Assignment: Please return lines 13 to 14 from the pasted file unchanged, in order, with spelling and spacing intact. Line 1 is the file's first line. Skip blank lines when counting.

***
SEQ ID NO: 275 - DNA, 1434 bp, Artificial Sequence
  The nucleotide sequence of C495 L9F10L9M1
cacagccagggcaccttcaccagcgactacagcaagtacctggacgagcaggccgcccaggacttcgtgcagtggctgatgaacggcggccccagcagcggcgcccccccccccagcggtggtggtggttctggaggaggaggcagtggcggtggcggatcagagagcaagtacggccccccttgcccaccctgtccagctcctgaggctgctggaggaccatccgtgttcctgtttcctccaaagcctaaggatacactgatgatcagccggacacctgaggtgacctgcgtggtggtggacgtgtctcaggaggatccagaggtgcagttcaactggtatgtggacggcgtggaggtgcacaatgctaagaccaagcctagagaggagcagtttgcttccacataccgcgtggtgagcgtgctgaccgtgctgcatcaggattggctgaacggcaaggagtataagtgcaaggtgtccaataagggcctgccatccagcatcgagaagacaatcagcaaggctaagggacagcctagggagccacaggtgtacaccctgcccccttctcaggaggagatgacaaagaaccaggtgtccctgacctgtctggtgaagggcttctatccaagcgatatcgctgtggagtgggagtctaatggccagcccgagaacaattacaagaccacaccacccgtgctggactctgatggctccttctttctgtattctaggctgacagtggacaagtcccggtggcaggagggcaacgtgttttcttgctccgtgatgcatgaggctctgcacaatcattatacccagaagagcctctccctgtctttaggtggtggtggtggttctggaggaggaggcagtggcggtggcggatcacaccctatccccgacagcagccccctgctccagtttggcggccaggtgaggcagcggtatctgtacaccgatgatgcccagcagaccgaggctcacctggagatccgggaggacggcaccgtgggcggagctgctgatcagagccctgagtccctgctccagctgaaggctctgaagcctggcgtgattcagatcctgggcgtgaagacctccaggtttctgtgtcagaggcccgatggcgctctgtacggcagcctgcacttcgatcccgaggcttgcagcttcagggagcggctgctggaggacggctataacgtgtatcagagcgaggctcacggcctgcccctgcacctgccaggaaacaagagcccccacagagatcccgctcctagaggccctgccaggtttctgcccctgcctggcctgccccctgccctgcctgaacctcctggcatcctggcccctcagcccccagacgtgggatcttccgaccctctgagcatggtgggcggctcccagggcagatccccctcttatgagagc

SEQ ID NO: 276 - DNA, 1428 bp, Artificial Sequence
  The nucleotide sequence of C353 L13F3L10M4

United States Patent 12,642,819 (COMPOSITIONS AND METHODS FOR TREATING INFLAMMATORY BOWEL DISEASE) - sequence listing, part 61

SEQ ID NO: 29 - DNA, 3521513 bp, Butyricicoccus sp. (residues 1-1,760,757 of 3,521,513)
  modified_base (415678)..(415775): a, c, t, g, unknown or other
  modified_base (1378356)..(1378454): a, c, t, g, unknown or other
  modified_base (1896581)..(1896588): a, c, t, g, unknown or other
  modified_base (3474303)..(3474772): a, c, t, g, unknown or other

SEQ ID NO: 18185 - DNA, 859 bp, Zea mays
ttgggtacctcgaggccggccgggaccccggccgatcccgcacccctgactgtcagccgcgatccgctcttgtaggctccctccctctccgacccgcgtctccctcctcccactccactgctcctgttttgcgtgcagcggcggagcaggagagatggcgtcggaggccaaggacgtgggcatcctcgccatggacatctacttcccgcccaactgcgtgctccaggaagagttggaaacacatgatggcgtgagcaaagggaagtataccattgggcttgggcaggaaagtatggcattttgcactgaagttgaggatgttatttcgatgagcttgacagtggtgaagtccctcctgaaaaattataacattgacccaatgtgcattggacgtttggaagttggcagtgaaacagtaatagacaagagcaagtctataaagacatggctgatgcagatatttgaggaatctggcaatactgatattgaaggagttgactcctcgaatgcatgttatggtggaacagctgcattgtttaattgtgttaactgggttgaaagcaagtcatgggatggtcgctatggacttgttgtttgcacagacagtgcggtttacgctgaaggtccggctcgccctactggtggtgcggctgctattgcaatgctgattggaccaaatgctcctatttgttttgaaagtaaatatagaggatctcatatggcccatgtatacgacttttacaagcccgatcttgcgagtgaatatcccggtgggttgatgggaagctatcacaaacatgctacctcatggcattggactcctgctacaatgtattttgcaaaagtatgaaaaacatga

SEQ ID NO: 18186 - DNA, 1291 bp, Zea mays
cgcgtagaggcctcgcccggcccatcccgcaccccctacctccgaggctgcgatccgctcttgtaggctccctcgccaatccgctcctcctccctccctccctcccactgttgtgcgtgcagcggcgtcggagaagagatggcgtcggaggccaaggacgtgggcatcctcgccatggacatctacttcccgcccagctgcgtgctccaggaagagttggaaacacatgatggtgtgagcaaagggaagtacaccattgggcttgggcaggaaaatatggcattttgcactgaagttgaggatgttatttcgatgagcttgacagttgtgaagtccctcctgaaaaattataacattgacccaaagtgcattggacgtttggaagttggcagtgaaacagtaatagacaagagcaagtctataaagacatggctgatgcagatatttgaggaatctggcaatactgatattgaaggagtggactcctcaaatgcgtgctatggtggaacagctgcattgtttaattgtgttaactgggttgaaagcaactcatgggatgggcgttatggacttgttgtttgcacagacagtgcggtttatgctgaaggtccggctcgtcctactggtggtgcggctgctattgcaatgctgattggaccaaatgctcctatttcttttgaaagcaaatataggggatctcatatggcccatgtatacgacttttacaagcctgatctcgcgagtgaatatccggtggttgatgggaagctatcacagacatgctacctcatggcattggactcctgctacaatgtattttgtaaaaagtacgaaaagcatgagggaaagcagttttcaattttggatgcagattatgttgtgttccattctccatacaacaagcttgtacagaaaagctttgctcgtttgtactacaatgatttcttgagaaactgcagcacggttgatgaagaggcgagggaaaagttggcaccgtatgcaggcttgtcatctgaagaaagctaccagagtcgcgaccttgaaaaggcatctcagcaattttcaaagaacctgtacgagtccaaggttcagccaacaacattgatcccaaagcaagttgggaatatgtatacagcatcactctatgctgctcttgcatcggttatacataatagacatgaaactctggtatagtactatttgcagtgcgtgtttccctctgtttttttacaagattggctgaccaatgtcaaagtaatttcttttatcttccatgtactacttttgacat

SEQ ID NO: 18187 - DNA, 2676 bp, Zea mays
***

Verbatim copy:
ttgggtacctcgaggccggccgggaccccggccgatcccgcacccctgactgtcagccgcgatccgctcttgtaggctccctccctctccgacccgcgtctccctcctcccactccactgctcctgttttgcgtgcagcggcggagcaggagagatggcgtcggaggccaaggacgtgggcatcctcgccatggacatctacttcccgcccaactgcgtgctccaggaagagttggaaacacatgatggcgtgagcaaagggaagtataccattgggcttgggcaggaaagtatggcattttgcactgaagttgaggatgttatttcgatgagcttgacagtggtgaagtccctcctgaaaaattataacattgacccaatgtgcattggacgtttggaagttggcagtgaaacagtaatagacaagagcaagtctataaagacatggctgatgcagatatttgaggaatctggcaatactgatattgaaggagttgactcctcgaatgcatgttatggtggaacagctgcattgtttaattgtgttaactgggttgaaagcaagtcatgggatggtcgctatggacttgttgtttgcacagacagtgcggtttacgctgaaggtccggctcgccctactggtggtgcggctgctattgcaatgctgattggaccaaatgctcctatttgttttgaaagtaaatatagaggatctcatatggcccatgtatacgacttttacaagcccgatcttgcgagtgaatatcccggtgggttgatgggaagctatcacaaacatgctacctcatggcattggactcctgctacaatgtattttgcaaaagtatgaaaaacatga

SEQ ID NO: 18186 - DNA, 1291 bp, Zea mays